Hearts warm and stomachs full

Stew Leonard’s gives away turkeys for Thanksgiving


For 43 years, Stew Leonard’s has held an annual turkey drive to help feed those in need during the Thanksgiving season. The tradition has been passed down for decades, and each time a new store opens, it joins in on the holiday goodness.

Nearly 500 turkeys were given away on Nov. 17 outside the East Meadow Stew Leonard’s. The beneficiaries include local churches, food pantries and other organizations that collect food for the needy.

“It makes our Thanksgiving that much better,” said Stew Leonard Jr., the president and CEO of Stew Leonard’s. “Because we know that there are a lot of families out there who don’t have a great meal.”

The start of providing turkeys to charities in the communities surrounding its supermarkets started for Stew Leonard’s stores in 1979. At the East Meadow supermarket, which opened in 2017, the tradition is in its sixth year.

Stew Leonard’s plans to give away 3,000 turkeys at its seven stores.

Members of the East Meadow Fire Department, elected officials, Stew Leonard’s employees, and members of the Nassau County Police Benevolent Association helped load box after box.

“It’s important to bring the community together when you’re doing events like this so that everybody knows that everybody’s on board about supporting people in their time of need,” Jim Kane, the East Meadow Fire Department fire inspector, said. “There are a lot of people in our community that are not as fortunate as all of us.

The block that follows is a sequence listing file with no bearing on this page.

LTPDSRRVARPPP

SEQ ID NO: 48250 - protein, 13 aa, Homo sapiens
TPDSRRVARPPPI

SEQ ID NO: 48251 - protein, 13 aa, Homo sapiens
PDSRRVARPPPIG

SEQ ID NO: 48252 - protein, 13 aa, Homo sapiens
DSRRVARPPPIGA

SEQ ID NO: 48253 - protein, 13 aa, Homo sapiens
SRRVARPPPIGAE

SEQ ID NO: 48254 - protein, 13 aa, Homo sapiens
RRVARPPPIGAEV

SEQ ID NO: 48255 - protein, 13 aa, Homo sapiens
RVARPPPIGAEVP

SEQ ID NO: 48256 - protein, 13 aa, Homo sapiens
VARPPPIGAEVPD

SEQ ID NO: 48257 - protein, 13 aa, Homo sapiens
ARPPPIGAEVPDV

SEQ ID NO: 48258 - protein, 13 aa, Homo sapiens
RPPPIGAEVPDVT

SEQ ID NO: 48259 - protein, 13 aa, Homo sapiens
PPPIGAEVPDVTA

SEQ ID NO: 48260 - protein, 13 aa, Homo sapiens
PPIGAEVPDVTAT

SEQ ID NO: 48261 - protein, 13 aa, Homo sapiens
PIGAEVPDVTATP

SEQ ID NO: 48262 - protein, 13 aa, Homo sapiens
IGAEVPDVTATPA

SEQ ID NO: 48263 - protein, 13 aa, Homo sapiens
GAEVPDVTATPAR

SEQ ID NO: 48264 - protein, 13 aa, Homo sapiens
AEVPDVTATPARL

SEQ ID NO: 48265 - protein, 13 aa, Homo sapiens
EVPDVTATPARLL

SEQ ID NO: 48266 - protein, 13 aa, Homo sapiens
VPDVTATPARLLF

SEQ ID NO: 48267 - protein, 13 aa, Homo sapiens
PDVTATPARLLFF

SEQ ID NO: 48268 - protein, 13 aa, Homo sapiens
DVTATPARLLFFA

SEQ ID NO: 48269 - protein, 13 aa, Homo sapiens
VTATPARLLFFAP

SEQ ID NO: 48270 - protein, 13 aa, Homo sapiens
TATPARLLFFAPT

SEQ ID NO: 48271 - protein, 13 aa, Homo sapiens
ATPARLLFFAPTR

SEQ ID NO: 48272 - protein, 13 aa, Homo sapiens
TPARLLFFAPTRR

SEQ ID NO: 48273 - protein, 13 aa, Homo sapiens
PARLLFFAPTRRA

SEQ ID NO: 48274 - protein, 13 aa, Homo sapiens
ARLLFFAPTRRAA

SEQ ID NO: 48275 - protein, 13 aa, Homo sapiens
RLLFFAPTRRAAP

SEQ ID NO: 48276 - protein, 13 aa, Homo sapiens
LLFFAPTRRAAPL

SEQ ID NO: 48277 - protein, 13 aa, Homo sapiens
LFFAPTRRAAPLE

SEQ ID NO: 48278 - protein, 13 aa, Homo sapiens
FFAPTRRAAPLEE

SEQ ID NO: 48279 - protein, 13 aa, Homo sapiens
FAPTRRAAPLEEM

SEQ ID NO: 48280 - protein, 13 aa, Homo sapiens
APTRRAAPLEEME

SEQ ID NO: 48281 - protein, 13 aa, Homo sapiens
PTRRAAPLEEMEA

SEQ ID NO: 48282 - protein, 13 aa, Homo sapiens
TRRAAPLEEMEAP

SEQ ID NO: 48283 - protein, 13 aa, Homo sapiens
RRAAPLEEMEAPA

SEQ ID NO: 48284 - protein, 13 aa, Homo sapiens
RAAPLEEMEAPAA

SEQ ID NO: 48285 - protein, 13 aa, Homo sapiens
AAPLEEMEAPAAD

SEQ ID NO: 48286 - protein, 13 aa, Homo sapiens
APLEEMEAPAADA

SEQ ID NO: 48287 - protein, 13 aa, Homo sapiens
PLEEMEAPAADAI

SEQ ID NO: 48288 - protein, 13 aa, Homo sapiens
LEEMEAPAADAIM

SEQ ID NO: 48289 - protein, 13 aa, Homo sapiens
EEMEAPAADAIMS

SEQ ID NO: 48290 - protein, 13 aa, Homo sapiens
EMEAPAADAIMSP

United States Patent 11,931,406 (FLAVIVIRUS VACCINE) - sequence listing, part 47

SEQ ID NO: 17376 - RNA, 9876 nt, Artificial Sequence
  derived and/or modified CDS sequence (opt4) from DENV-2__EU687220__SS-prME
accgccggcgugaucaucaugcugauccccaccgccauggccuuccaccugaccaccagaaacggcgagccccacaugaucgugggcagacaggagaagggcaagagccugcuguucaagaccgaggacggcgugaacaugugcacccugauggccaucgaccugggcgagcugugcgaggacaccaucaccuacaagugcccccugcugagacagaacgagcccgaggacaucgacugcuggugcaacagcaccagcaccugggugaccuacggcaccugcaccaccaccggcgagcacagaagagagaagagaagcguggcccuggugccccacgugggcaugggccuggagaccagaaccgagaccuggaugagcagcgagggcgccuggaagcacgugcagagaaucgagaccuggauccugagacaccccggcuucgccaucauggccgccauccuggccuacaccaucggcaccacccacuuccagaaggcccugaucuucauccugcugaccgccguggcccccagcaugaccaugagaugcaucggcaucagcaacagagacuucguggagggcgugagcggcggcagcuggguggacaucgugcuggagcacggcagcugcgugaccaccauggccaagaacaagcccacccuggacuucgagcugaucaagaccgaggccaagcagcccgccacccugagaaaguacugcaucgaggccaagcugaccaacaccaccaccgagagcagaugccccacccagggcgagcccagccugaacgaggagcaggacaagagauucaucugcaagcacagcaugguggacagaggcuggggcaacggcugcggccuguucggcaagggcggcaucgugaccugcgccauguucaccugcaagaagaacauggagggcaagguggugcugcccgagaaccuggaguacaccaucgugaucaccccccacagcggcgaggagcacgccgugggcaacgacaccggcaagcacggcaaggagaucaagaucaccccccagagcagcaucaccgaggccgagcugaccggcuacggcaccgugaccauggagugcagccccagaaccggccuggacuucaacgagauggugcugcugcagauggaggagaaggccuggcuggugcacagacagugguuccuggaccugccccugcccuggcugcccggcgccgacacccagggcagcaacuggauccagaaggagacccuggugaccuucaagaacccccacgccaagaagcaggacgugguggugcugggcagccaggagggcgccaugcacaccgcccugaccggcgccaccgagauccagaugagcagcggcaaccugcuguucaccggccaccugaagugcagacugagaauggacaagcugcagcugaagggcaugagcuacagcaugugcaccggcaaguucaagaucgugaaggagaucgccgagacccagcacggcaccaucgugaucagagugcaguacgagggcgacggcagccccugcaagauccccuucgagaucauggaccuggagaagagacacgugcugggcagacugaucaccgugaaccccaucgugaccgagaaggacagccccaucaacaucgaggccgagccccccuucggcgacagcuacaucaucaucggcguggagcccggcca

“We’re all still human. We’re all still people. We all have the same needs and wants.”

Calvary Lutheran Church, on Taylor Avenue, has taken part in the turkey donation since Stew Leonard’s opened its store in East Meadow. The turkeys they received will be given to the Lutheran Social Services center in Uniondale, now known as the LIFE Center, since their church food pantry had to be shut down.

“It’s a beautiful thing,” said Christine Schulz, the treasurer and long-time member of Calvary Lutheran Church. “Unfortunately, we need to do it, in utopian society there will come a time when we don’t have to and everybody will have enough to eat, but for right now it’s important we do this.”

Schulz stressed that the need for food donations doesn’t end after Thanksgiving,

Long Island Cares reports that more than 272,000 Long Islanders are hungry or experience food insecurity, equating to one in every nine people. Of that number, more than 89,000 of them are children. According to the USDA, the average cost of a turkey has increased to nearly $2 per pound in 2022, up from $1.15 in 2021 due to inflation. So for many, this turkey drive is crucial.

Jean Victor Jr., the manager at the Mary Brennan INN in Hempstead said that he is always surprised by the amount of donations they get during the holidays. “Society says that people are not generous, but it’s not true. It says that people are not kind, but it’s not true,” he said. “People are very generous, people are very kind, and they are aware of what’s going on in their community.

“That’s the reason why, during the holidays, and every day, even after the holidays, we always receive tons of donations from monetary to canned goods to toiletries.”

Charities can apply to be beneficiaries of the turkey giveaway, but others were selected after a representative of Stew Leonard’s called them and asked if they needed help with stocking their food pantries.

“I think as a third generation, we’re obviously younger growing in the business, and it sets such a wonderful example,” Chase Leonard said of her dad’s turkey giveaway tradition. “We’ll continue on this tradition.”